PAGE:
I’m not saying that without someone to pull me away from a dig I wouldn’t leave…. well, I guess I am saying that. I admit that this is a guilty pleasure and while my hope is that I will find the Holy Grail to justify my obsession, until I do, the more time I spend at a “dig” the less time I have with my family. (Why am I hearing The Lovin’ Spoonful “Did you ever have to make up your mind?” playing in my head?)
You might ask, “Don’t you want a family that will dig with you?” to which I would reply, I’m not sure I want 2 more versions of myself running around collecting things. While my daughter will certainly dig with me, my wife will occasionally submit to my hunting dog reflexes and allow me to chase down some signs to an unknown end. It doesn’t happen often, but when it does I appreciate it that much more.
Such was the case last summer when we made our way to Cayuga Lake for a peaceful vacation in upstate New York. There were many tag sale signs along the way and places to dig, but if I had explored them all we would have never reached our destination.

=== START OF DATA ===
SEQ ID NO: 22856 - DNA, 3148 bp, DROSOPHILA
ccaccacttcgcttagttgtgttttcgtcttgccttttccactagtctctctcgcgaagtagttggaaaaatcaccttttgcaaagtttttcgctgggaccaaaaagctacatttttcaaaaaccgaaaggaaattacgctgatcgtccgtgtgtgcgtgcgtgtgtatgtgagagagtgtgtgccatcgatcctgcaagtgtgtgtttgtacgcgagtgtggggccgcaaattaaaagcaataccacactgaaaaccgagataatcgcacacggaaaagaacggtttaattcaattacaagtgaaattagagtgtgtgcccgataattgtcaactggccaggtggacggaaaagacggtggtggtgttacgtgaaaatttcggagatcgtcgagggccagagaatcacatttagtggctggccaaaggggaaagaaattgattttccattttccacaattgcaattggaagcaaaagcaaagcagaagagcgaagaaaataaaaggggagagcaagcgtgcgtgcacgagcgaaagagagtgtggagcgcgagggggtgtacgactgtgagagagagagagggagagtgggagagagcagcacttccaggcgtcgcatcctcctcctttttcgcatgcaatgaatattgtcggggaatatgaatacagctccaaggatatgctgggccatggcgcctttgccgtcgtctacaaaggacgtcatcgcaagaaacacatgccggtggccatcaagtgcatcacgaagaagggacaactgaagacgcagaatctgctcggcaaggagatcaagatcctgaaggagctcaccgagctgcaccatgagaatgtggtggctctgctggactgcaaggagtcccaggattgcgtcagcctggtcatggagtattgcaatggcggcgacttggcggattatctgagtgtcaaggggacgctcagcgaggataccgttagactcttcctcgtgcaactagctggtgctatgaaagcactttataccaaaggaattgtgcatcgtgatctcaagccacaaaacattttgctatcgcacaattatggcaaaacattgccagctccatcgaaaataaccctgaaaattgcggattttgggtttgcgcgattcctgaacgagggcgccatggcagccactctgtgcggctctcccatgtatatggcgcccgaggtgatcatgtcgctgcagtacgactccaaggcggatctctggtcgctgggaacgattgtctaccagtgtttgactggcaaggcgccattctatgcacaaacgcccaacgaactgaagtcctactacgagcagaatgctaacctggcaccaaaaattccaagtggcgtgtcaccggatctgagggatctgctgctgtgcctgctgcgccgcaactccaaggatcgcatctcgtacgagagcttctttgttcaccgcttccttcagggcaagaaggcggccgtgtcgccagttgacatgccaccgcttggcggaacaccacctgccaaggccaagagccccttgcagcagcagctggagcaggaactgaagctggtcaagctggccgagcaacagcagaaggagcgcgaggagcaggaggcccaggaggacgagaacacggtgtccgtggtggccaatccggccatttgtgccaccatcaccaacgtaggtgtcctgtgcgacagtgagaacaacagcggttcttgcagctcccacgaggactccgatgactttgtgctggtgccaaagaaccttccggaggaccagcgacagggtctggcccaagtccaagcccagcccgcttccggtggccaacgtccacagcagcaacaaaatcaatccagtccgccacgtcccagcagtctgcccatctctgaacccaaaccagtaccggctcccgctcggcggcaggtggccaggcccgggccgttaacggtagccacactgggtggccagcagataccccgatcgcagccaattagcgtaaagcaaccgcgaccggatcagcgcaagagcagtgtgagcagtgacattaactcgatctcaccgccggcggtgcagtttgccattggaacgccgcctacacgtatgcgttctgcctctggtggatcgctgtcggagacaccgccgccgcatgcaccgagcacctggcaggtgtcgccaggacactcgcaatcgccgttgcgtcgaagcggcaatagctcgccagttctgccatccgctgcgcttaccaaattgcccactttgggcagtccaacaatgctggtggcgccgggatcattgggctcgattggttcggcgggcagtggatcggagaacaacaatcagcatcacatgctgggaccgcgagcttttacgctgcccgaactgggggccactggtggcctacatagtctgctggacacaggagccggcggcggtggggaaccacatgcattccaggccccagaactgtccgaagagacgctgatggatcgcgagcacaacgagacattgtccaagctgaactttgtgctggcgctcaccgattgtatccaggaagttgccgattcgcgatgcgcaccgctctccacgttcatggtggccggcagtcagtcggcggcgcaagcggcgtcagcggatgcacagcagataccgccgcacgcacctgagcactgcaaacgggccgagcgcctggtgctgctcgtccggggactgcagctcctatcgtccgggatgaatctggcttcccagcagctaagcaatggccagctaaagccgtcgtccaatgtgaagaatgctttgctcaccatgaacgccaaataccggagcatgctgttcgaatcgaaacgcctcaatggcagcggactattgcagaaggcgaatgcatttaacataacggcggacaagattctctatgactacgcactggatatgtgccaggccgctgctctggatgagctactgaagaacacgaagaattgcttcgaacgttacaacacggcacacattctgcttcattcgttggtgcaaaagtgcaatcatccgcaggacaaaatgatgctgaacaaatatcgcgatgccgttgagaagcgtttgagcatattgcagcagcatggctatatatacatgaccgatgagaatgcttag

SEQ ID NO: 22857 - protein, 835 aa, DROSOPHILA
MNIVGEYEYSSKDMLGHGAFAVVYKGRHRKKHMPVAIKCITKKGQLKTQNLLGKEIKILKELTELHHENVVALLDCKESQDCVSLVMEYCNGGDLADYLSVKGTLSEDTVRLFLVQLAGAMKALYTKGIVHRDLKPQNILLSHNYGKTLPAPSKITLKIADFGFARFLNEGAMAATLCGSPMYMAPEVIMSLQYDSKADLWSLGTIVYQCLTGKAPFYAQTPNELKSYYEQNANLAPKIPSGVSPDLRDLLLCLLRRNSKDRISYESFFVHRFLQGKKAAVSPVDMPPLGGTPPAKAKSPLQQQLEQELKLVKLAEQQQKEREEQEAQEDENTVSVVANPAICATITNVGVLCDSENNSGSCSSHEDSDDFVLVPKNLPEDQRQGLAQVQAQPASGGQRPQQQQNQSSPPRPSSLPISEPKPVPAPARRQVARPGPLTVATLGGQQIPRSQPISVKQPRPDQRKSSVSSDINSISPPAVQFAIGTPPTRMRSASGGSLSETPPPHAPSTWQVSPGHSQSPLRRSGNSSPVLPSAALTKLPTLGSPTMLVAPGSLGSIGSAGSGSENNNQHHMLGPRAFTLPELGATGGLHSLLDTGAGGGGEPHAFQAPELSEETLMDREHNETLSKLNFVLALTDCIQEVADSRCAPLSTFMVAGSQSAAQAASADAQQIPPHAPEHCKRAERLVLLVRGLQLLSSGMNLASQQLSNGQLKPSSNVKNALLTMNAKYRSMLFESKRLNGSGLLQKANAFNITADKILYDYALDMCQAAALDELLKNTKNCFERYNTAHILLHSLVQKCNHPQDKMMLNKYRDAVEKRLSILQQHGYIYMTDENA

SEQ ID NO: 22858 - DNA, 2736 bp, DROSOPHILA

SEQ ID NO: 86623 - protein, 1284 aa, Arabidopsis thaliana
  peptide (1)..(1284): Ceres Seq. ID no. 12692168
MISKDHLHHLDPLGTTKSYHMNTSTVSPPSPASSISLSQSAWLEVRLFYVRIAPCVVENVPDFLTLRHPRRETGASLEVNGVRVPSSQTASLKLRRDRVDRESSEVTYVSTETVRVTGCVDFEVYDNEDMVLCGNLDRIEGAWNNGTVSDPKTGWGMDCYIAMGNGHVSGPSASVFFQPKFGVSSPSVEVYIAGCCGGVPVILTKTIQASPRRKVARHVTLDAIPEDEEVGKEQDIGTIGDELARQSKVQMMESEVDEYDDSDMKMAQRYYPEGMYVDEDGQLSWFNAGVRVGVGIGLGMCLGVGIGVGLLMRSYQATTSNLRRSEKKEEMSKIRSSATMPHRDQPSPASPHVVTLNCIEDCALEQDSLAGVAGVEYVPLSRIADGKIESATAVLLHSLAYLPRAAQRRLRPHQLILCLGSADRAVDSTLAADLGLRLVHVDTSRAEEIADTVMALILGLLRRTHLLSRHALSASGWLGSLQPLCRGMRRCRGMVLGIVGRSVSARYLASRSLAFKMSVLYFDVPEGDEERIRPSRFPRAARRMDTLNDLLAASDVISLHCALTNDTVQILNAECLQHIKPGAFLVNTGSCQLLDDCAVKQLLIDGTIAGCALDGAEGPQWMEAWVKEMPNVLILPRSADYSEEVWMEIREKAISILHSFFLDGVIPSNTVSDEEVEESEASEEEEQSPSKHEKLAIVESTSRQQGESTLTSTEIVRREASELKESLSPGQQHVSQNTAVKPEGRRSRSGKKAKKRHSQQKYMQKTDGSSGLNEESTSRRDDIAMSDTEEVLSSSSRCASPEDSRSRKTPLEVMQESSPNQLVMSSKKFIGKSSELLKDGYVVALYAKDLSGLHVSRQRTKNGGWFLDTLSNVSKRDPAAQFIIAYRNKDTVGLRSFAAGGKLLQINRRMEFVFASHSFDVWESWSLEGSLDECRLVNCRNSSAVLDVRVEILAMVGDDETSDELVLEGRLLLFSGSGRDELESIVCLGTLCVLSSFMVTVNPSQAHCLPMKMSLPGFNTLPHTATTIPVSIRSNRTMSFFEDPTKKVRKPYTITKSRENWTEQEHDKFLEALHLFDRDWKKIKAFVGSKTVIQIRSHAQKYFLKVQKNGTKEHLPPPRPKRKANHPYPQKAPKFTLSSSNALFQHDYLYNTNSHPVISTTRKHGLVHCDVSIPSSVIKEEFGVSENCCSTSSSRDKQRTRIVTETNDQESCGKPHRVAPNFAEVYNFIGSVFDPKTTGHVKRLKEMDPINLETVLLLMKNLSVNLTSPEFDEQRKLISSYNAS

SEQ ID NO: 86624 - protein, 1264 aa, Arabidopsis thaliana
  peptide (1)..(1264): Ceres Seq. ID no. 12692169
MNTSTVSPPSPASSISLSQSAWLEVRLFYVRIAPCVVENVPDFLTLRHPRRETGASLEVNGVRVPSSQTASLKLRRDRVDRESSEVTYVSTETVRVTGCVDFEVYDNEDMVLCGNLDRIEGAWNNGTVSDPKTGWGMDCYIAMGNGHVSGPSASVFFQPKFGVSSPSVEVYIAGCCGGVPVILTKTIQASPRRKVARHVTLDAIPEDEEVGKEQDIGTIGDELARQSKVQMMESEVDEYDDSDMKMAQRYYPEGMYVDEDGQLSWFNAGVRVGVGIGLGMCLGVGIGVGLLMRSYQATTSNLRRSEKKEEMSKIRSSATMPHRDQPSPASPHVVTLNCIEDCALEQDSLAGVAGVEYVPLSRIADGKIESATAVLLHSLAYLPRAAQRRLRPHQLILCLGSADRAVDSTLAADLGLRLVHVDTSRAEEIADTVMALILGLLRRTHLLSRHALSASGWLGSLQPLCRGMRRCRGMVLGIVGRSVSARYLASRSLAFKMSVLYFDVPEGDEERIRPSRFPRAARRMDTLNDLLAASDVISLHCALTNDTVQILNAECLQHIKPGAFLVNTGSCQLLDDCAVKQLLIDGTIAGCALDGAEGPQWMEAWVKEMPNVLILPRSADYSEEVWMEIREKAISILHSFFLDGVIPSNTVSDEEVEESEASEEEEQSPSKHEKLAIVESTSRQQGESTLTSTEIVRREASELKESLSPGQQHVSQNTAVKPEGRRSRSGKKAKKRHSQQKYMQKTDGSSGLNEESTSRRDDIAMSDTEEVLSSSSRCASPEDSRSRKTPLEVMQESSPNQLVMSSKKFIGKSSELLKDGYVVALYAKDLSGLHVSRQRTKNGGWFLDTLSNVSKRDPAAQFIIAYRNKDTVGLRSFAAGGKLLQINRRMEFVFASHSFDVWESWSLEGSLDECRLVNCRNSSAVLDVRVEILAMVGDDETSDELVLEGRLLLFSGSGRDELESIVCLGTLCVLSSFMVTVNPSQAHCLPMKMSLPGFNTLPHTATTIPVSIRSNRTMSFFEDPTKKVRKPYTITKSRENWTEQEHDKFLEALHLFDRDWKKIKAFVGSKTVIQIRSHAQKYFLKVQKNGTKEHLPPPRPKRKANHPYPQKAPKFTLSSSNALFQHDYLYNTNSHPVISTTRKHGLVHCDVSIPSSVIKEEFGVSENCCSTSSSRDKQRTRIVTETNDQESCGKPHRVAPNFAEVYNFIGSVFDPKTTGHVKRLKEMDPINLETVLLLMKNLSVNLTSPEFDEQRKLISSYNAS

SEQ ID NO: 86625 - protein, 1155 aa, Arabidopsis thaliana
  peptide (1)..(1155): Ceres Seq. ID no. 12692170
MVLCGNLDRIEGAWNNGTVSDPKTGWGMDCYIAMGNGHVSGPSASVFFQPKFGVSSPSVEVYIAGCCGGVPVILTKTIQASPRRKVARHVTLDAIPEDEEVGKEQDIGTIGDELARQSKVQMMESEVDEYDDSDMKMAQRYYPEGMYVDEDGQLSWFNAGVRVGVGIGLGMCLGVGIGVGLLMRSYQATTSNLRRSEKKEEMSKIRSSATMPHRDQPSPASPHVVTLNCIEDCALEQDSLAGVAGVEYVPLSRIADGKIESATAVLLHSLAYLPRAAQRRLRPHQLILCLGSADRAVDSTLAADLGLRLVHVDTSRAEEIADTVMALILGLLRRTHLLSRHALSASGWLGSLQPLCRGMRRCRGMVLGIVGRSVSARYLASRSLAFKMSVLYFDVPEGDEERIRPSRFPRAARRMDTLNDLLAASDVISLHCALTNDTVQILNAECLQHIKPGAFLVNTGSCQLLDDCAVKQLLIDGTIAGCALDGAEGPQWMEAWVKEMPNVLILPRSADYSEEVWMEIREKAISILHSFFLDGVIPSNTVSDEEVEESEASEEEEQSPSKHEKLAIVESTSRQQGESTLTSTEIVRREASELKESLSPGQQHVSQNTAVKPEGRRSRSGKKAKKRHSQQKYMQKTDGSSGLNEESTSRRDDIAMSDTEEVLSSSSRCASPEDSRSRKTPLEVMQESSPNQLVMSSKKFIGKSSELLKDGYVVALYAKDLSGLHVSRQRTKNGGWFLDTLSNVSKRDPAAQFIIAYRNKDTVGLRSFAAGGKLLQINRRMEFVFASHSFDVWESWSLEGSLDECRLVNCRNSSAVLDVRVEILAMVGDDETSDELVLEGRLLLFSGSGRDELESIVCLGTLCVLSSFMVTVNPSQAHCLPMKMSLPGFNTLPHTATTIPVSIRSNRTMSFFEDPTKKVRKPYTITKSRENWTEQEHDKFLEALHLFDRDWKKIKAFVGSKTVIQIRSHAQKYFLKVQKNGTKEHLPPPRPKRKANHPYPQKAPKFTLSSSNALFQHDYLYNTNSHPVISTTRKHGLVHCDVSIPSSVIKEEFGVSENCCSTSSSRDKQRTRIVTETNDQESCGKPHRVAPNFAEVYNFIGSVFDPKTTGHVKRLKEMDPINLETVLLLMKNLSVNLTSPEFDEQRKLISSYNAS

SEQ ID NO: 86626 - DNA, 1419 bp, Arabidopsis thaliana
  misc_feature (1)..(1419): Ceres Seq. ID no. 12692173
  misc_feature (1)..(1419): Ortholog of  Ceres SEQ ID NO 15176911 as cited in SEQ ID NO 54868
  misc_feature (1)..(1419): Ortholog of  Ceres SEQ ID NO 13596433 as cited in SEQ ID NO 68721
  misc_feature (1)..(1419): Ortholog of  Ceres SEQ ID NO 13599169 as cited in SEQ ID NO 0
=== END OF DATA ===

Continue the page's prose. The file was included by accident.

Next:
Ithaca, New York, which is at the southern end of my favorite Finger Lake, is surrounded by rolling hills with mile after mile of all kinds of interesting places to explore. There are dilapidated farms outside of small hamlets with interesting homes that look much like they might have in the late 19th or early 20th century.
Along one main road we came across a large warehouse-sized barn with a single sign out front “Antique Mall.” While these are sometimes too organized for my blood, I was desperate to hold something, anything from the 1930’s and convinced my wife and daughter to come in with me.
There, I fired up my camera and shot a short video of the massive selection we found inside. Click here to watch the video.